I don’t normally give endorsements. Nor do I normally give reviews, it’s a journalist thing. Opinions are things we have, just tend not to give them as we have to try and remain neutral and unbiased in our reporting and writing.
Still . . . I have to give an endorsement, I cannot help it.
I took my kids to see the movie Shaun the Sheep. Bearing in mind, sure, that I have a son who looooves stop-frame animation and cartooning, it was still something that was a bit of an aberration in today’s movie world. This wasn’t a cartoon so much as a creation.
A brave creation.
I call this brave because I don’t believe there’s a single line of dialogue in the entire movie. You know something? It didn’t need it, either. My sons, both 12, and my daughters, 16 and 20, all went with us to see this movie. The girls had seen Shaun in an occasional airing here and there in television short films but nothing feature-length.
This was a 90-minute film and it held their attention better than the last Marvel Avengers movie.
Created by Aardman Animation studios, which made Wallace and Gromit as well as Flushed Away and a number of other amazing films, this is their first feature film with the character of a little sheep named Shaun. The basic plot is that the sheep, in an attempt to break their boring routine, end up losing their farmer and have to try and get him back from the big city.
This is no small feat, I have to say. The film is full of character, humor, slapstick comedy and poignancy that is done through the movement of clay (or plasticine, whatever) on a model. You forget they aren’t real until you pay attention to the fingerprints in the clay next and eyeball that they leave in.
In a world (reference intended) where superhero movies with loud explosions and massive set pieces have taken over it’s a feat of epic proportions to have a film with so much heart garner attention. My kids did see a lot of the recent action films and there’s nothing being stated here against any of them. Yet this Labor Day weekend, when the Cartoon Network decided to run a marathon of the old Shaun the Sheep cartoons, they recorded them and watched them over and over again. Not only were they funny, they were clever and turned old cartoon tropes on their heads.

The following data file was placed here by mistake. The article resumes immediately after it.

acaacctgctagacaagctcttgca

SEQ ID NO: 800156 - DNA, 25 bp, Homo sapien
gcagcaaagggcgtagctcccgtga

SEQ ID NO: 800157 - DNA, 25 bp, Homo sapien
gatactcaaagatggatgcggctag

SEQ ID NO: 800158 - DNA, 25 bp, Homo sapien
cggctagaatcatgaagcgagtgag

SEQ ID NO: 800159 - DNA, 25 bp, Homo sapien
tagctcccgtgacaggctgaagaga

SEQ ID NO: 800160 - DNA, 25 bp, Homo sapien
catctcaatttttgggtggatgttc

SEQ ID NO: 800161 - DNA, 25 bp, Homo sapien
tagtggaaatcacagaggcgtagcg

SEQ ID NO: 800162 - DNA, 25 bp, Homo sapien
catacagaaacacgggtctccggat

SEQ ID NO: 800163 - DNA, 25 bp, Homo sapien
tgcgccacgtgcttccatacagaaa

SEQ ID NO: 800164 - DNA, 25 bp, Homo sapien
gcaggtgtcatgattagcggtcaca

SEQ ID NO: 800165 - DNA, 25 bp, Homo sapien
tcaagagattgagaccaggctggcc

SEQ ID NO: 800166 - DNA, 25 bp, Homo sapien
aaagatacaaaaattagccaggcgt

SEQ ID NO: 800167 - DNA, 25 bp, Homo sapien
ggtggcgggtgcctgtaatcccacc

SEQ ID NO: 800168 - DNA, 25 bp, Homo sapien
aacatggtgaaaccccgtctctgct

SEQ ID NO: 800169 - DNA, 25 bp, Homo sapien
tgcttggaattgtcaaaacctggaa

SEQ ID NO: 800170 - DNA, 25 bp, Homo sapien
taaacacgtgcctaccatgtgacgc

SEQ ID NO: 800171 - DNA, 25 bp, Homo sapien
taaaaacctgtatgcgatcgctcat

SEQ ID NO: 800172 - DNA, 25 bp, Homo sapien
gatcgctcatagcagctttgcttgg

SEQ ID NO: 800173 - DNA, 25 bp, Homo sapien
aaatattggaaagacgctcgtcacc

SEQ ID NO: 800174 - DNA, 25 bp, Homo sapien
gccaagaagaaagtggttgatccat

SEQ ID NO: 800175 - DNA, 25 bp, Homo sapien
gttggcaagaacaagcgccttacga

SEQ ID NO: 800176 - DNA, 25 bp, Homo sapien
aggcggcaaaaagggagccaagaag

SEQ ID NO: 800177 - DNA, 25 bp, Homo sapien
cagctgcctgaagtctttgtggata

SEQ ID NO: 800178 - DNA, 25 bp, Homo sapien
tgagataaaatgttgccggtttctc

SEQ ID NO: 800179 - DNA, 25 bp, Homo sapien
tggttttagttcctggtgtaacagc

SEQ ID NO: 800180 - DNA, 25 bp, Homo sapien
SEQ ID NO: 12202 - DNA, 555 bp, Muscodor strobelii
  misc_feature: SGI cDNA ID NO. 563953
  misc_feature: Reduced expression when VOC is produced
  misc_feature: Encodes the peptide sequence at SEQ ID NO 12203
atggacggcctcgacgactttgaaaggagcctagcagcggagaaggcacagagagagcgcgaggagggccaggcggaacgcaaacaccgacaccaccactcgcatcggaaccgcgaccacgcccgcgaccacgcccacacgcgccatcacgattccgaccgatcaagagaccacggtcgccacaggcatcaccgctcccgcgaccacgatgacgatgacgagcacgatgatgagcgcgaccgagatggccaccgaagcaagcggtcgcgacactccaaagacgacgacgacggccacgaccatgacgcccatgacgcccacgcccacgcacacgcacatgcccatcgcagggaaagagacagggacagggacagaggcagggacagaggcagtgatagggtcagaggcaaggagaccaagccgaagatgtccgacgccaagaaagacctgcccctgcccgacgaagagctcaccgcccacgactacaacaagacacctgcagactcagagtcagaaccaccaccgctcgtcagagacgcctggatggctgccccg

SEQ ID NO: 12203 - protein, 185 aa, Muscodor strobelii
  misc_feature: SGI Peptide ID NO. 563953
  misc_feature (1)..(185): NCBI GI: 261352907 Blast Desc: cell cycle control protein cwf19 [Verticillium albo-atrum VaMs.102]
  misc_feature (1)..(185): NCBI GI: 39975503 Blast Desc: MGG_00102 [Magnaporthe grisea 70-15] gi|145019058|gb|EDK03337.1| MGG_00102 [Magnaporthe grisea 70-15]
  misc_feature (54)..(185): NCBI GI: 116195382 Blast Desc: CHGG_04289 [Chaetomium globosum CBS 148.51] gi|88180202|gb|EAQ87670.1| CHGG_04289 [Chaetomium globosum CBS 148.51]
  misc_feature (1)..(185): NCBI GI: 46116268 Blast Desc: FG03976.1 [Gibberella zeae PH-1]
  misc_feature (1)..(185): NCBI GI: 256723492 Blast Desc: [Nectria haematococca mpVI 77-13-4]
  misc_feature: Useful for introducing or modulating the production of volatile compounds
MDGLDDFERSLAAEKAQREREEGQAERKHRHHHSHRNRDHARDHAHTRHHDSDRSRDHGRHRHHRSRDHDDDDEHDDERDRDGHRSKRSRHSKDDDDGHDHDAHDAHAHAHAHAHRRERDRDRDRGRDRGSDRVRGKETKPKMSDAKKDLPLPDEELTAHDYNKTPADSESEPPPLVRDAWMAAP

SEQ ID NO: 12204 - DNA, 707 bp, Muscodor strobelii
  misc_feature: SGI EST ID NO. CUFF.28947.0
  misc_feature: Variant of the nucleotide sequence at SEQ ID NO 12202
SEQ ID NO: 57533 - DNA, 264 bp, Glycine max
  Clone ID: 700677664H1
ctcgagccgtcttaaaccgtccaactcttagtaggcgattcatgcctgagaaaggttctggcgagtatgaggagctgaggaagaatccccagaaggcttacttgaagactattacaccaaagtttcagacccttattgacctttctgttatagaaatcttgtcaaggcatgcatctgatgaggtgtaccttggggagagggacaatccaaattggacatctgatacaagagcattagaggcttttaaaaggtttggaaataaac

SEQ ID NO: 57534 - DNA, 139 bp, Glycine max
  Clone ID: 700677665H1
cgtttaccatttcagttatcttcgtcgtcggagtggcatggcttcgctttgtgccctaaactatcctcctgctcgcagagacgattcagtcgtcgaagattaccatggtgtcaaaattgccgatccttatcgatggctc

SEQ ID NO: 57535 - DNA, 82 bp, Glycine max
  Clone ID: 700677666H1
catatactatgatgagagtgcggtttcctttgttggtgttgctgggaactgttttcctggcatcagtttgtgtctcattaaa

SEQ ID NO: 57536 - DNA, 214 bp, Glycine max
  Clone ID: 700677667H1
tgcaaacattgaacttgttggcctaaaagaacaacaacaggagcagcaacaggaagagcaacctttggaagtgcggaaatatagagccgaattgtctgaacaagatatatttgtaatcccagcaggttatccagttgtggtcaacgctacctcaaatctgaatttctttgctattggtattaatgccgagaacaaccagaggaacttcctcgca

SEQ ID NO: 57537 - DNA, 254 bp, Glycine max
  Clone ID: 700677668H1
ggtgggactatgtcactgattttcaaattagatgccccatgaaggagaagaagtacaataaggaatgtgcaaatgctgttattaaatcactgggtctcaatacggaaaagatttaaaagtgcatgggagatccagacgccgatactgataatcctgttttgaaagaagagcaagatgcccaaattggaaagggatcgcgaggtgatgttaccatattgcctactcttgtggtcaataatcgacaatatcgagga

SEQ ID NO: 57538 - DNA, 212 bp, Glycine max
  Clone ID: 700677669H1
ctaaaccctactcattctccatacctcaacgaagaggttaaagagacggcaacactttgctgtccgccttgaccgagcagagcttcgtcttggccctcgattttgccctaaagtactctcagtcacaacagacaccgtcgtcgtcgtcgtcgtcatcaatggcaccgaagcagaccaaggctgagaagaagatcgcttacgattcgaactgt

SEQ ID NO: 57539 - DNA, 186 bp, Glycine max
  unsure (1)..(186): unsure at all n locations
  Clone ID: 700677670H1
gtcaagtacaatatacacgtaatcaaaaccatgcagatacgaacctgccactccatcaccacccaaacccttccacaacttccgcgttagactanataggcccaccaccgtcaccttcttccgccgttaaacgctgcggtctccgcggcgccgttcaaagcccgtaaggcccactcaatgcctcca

More to the point, for a family that has its struggles and difficulties on a regular basis, to come out of a theater with a glowing smile, our stomachs sore from laughing, and realize that more was said with no words than many movies do with thousands of words was more than fun. When a goldfish plays harmonica in a pet jail it’s a pretty amazing thing.
It is a feat that Mark Burton and Richard Starzak, the directors, with the help of Nick Park, who helped create the characters pulled off with subtlety and style. There is nothing like it out today.
I am not affiliated with, don’t have stock in or have a job with the studio. I was just that impressed. The movie was a pleasure to watch, Aardman.
I highly recommend that you see it. As do all four of my children. I mean, come on, the poster says “CATCH THEM IF EWE CAN!” What more do you need?